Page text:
Researchers have published research into a gene at the heart of a controversial human gene-editing experiment, lending more weight to the theory that it inhibits cognitive function. But no one knows how the method may have affected the minds of the Chinese twins at the center of the issue. One scientist involved in the study, University of California, Los Angeles neurobiologist Alcino J. Silva, said the "mutations will probably have an impact on cognitive function," but it's impossible as yet to predict the precise effects. The CRISPR-Cas9 gene-editing technique has previously been linked with unintended DNA damage.
Last year, a group of scientists claimed they used CRISPR to disable a gene called CCR5 in an attempt to make the girls immune to HIV. The virus uses that gene as its gateway into the body. In a report published in the journal Cell this week, researchers suggested people who don't have the CCR5 gene may recover faster after a stroke or traumatic brain injury. People who also are naturally missing the gene typically stay in school longer too, MIT Technology Review notes. Meanwhile, a trial at the University of California, Los Angeles is looking at whether anti-HIV drug Maraviroc, which blocks CCR5 chemically, can improve cognition among people with HIV.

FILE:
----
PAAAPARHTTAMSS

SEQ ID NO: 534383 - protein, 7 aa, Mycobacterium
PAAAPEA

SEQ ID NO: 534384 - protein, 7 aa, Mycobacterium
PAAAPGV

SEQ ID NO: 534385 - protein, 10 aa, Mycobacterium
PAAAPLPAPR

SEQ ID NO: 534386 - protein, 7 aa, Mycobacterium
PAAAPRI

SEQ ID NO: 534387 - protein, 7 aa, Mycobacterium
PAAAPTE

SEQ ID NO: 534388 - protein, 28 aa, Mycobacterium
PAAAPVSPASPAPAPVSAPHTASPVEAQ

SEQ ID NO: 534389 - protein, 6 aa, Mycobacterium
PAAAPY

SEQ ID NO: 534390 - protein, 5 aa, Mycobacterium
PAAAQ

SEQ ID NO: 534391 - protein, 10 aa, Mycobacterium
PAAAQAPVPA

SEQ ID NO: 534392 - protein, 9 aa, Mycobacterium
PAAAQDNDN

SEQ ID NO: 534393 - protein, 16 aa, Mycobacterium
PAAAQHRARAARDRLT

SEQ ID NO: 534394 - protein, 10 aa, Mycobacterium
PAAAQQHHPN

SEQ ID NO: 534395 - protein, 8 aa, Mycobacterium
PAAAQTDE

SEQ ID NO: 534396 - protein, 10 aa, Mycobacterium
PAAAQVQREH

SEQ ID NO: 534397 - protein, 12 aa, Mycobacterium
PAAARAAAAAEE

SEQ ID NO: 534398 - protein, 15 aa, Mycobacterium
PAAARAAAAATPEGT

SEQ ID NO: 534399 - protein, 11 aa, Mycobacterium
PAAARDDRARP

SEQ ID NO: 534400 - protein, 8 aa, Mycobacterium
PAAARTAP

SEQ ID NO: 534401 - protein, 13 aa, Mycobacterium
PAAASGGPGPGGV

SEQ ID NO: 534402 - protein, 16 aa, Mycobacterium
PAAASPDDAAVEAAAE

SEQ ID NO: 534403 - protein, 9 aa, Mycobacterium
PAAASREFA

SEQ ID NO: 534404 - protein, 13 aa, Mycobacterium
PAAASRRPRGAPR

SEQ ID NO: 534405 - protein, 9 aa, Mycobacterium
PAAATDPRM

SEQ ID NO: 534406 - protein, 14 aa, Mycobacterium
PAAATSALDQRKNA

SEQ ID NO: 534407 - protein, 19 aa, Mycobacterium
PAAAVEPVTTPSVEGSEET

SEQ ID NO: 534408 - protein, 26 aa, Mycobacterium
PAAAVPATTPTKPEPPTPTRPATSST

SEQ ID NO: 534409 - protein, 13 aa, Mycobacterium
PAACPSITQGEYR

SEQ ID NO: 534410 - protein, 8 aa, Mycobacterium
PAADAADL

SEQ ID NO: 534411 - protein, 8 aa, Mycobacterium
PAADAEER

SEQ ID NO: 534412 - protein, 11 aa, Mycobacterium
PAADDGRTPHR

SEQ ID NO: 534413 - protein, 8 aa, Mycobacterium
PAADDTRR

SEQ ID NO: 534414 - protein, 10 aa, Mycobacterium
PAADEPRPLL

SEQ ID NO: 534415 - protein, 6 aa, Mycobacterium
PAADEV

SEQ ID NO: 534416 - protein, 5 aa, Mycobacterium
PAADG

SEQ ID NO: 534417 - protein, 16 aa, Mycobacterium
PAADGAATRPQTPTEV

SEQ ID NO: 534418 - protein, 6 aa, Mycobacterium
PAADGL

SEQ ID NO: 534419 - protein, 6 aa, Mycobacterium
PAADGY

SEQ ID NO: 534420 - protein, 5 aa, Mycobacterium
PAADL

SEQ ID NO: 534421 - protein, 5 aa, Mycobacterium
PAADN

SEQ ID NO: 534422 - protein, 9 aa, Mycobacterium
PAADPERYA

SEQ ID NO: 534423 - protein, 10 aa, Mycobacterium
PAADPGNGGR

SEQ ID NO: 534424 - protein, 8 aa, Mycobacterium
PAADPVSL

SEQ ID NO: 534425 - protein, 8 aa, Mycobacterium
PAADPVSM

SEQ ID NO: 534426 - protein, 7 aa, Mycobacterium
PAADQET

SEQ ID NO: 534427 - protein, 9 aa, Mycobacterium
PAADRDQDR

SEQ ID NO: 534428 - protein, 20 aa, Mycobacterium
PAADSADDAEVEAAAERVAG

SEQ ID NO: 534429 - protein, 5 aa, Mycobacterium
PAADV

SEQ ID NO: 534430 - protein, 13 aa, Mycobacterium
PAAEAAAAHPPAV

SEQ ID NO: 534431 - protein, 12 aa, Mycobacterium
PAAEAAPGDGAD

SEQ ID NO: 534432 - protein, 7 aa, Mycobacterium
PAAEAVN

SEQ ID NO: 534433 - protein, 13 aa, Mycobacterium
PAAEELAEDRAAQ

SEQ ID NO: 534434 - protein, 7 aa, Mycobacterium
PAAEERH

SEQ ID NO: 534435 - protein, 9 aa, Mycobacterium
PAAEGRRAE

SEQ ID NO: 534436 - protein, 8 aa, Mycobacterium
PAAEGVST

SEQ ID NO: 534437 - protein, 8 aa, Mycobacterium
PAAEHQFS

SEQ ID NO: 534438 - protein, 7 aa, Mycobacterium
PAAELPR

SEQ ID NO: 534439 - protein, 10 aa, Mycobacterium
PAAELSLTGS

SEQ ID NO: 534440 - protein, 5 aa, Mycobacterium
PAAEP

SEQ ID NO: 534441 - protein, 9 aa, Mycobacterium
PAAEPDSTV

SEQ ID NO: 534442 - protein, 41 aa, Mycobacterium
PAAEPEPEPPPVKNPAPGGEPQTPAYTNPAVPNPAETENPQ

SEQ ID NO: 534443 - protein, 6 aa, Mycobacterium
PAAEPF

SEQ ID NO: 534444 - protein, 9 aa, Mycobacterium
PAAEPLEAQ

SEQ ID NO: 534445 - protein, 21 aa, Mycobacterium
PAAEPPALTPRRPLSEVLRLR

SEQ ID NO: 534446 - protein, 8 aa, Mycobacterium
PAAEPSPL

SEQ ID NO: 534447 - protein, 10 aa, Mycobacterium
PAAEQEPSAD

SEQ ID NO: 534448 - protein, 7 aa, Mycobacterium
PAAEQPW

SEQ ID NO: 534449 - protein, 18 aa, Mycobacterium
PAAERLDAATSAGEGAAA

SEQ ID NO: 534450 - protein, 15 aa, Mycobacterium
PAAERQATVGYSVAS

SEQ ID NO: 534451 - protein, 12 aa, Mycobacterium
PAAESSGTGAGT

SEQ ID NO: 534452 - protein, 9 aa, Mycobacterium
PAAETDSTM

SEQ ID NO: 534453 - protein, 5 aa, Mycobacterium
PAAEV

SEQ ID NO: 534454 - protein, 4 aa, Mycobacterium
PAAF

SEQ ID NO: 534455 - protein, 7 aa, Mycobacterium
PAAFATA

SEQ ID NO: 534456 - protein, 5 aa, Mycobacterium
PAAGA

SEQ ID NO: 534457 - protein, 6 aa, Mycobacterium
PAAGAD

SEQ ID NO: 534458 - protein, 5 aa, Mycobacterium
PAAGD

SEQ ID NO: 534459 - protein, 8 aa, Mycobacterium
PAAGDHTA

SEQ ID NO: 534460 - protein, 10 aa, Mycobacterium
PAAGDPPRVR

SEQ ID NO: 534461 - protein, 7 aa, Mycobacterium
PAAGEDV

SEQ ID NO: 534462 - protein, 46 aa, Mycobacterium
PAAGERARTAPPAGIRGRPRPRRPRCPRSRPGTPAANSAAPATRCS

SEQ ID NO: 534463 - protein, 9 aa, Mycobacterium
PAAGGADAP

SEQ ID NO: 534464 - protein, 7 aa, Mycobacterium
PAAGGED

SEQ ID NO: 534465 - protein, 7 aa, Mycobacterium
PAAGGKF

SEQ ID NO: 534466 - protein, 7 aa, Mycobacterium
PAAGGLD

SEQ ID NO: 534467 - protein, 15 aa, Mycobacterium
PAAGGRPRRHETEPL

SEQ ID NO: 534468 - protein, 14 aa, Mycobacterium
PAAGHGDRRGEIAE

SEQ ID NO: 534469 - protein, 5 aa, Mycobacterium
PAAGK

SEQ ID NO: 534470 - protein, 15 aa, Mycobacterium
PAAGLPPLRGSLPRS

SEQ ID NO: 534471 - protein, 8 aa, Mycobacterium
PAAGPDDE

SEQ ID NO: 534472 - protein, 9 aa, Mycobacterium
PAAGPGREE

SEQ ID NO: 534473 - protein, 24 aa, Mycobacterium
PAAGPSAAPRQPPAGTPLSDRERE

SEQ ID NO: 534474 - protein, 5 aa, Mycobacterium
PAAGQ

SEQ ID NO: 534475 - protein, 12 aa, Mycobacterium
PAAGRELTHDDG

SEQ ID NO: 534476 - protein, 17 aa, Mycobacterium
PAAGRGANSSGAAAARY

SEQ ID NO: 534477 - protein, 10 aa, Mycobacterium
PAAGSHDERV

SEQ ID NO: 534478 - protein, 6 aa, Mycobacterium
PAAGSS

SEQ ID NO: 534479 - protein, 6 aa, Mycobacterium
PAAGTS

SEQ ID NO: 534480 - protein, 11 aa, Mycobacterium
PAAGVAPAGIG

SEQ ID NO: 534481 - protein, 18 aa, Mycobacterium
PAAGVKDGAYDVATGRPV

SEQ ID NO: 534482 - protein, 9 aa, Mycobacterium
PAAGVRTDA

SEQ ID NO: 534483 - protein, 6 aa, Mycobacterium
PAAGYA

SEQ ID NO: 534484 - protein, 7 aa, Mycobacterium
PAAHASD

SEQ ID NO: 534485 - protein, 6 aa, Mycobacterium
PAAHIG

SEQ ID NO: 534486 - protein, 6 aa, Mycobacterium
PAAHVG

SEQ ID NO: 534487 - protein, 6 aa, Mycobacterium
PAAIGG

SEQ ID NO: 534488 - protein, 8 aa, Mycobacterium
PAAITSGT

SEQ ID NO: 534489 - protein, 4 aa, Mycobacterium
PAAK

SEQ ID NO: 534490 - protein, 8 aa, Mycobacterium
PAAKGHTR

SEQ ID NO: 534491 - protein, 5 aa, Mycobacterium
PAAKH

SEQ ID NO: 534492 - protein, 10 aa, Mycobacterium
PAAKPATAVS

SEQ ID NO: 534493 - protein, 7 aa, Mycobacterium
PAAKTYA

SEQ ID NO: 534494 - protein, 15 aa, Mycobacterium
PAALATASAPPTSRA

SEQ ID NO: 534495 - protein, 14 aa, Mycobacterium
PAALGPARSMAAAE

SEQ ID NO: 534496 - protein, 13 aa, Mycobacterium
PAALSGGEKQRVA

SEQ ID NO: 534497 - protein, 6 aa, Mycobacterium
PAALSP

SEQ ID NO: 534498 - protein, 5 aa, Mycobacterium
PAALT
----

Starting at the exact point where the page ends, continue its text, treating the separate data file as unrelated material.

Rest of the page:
In 2016, Silva was part of a team that looked at how the same alteration to the twins' DNA impacted mice, and found it seemed to make them smarter. It's not clear whether He Jiankui, who led the experiment on the twins and was later detained by Chinese authorities, knew about said research and was also attempting to enhance the girls' intelligence. In any case, it will likely be a long, long time before we can truly comprehend the accidental consequences gene-editing can lead to, for better and worse.